(The Sentinel) – Approval of a transgender policy on restrooms and other issues at Gardner-Edgerton USD 231 will be delayed for at least a month while opinion surveys issued to families and staff are analyzed.
An overflow crowd heard emotional testimonies from nearly two dozen speakers on both sides of the controversial issue at a recent school board meeting.
The guidelines to be finalized center on these issues:
- Students may use the restroom or locker room that conforms to the student’s gender assigned at birth or any available unisex facility.
- Parent/guardian notification is necessary for all students under age 18 seeking to be recognized in a manner consistent with their gender identity.
- The student’s legal name will be used in the district’s official records, while the student’s preferred name reflecting their gender identity may be used when a legal name is not required, such as in a recognition ceremony.
- Upon request by the student and parent/guardian, the student shall be addressed using the student’s preferred name, if different from their legal name, and should refer to the student using pronouns the student prefers.
- Transgender students will be allowed to dress in a manner that conforms to their gender identity and will be subject to the dress code for that gender.
The Kansas Chapter of the American Civil Liberties Union opposes these guidelines, finding them discriminatory against transgender students. We reached out to the representative but were referred to a letter the organization sent to the district following the meeting, which read, in part:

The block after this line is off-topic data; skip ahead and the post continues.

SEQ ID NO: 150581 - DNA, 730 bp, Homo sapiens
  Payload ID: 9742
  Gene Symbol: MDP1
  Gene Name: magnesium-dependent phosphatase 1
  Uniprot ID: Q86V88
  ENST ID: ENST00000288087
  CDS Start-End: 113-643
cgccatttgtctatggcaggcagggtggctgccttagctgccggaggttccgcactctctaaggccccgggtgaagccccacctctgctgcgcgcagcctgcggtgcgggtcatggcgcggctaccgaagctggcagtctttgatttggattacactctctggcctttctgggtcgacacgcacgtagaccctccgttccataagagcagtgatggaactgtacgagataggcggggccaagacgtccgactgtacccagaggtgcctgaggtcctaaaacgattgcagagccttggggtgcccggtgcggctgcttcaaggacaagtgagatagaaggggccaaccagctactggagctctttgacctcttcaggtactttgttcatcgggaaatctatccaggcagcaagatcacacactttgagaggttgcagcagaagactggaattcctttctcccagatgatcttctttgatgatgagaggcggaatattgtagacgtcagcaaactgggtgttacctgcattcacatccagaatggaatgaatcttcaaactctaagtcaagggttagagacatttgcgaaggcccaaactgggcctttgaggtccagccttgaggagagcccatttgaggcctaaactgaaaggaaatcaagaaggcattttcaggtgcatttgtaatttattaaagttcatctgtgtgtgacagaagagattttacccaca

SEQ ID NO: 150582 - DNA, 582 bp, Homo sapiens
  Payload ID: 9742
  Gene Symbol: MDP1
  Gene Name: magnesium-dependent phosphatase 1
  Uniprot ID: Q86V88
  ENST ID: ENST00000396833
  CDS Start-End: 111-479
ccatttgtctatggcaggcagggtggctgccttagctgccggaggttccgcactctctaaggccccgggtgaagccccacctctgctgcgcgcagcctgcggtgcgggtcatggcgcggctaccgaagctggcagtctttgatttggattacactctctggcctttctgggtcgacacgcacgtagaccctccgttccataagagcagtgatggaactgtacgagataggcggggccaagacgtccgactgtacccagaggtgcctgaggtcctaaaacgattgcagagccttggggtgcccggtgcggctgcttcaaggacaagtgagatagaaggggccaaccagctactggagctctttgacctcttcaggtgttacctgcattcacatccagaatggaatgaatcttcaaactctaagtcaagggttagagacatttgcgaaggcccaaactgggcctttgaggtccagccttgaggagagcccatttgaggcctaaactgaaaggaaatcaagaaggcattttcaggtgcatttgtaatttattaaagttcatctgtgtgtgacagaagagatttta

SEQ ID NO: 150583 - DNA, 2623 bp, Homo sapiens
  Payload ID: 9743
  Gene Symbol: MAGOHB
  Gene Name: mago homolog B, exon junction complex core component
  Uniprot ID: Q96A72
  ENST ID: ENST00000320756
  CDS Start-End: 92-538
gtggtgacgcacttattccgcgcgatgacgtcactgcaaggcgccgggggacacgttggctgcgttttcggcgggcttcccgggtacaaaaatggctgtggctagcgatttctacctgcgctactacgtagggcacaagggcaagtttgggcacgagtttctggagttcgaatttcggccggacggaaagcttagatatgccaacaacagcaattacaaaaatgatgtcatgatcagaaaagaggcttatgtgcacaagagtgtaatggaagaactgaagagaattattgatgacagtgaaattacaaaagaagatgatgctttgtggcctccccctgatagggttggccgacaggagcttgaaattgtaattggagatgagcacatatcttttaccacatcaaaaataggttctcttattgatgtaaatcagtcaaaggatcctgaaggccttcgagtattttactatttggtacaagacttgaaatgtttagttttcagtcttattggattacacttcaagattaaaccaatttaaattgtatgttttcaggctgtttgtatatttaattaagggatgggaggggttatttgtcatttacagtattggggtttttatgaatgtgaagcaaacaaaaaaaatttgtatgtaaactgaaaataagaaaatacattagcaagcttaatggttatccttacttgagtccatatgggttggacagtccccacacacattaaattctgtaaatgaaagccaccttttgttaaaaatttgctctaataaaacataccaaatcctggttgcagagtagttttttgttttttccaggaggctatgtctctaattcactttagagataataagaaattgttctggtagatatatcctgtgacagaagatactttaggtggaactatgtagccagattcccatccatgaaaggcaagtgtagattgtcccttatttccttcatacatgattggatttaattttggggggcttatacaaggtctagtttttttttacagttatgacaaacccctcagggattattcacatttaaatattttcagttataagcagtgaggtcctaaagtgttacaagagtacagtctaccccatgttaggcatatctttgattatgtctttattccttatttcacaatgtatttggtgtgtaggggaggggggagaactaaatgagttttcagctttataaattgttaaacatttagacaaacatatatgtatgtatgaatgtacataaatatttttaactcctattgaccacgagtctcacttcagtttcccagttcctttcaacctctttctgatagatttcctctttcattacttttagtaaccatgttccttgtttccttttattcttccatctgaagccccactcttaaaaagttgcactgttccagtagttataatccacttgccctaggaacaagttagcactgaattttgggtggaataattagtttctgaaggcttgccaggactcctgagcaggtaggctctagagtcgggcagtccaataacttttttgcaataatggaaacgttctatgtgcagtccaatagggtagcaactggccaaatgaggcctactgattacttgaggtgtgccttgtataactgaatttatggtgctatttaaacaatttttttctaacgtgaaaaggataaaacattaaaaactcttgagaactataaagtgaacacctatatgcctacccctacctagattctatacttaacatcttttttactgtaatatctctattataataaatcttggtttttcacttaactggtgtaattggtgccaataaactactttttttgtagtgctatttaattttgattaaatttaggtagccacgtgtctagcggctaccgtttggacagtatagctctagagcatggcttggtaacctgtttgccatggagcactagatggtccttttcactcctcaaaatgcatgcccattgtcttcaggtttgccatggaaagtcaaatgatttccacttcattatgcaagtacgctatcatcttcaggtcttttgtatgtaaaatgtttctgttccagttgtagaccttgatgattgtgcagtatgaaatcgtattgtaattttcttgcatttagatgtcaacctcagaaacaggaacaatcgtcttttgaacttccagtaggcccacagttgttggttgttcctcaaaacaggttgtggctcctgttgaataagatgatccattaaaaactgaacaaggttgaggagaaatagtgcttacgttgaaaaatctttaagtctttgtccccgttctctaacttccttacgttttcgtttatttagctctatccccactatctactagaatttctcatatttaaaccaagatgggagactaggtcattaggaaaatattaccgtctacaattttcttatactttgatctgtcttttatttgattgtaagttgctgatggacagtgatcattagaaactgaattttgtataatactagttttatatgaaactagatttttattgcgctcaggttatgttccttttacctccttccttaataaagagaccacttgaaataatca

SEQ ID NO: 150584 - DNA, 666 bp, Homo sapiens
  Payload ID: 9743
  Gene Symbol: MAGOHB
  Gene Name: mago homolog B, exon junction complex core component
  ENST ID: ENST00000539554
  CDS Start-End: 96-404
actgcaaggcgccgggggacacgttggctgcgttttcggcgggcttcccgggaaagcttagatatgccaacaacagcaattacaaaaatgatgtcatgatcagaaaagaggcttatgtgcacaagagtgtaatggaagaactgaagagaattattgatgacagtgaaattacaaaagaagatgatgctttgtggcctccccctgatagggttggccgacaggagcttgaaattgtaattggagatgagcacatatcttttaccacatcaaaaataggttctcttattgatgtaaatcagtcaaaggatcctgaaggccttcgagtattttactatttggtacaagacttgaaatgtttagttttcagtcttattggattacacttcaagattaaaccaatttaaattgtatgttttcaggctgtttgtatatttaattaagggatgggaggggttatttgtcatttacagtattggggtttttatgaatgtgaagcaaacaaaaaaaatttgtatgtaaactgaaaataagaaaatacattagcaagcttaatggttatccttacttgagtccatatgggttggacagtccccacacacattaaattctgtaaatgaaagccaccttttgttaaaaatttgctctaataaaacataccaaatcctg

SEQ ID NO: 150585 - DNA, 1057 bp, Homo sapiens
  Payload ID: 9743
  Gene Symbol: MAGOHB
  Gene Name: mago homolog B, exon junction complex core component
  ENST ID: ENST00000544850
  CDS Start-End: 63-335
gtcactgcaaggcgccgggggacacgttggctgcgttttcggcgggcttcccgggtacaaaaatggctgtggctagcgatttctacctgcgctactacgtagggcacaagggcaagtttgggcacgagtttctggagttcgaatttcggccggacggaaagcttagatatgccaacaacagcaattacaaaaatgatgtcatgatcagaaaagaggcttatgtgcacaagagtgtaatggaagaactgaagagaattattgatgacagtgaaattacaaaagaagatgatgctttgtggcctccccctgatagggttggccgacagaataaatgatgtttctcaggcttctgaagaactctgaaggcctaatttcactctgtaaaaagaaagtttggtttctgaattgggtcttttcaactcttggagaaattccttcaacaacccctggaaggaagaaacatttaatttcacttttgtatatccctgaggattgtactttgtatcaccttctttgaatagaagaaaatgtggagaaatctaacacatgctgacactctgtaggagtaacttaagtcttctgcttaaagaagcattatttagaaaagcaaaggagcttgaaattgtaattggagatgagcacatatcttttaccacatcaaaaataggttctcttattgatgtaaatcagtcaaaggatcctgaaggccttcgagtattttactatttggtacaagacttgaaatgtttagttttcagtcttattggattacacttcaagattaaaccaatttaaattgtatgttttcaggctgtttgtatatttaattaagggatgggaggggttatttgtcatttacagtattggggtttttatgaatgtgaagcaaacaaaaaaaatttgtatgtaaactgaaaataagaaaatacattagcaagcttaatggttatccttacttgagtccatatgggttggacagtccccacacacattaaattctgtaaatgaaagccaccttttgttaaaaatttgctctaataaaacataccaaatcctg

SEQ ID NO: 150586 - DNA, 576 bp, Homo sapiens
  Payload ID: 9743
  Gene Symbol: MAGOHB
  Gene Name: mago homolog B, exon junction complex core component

The revised policy, as currently written, still runs afoul of established law. In particular, the policy still illegally forces transgender students to use the restroom or locker room based off their sex assigned at birth and increases the likelihood that trans students will be forcibly outed or deadnamed and misgendered at school.
ACLU-Kansas added a not-so-veiled warning to the district:
(A revision of these guidelines) not only would this help the Board live up to its desire to provide a safe and dignified environment for all its students, it would also help the district avoid potential costly litigation—like the $1.3 million in legal fees the Gloucester County School Board had to pay for enforcing a policy similar to the amended policy at issue in USD 231.
Board member Katie Williams opposed the transgender policy and successfully urged members to delay approval of the new guidelines until parents and staff could be surveyed on the issue. She declined our request for comment.
Comments were also sought from guidelines author Jeff Miller and Board President Tom Reddin. Neither responded to our request.
The next board meeting for USD 231 will be on October 3rd.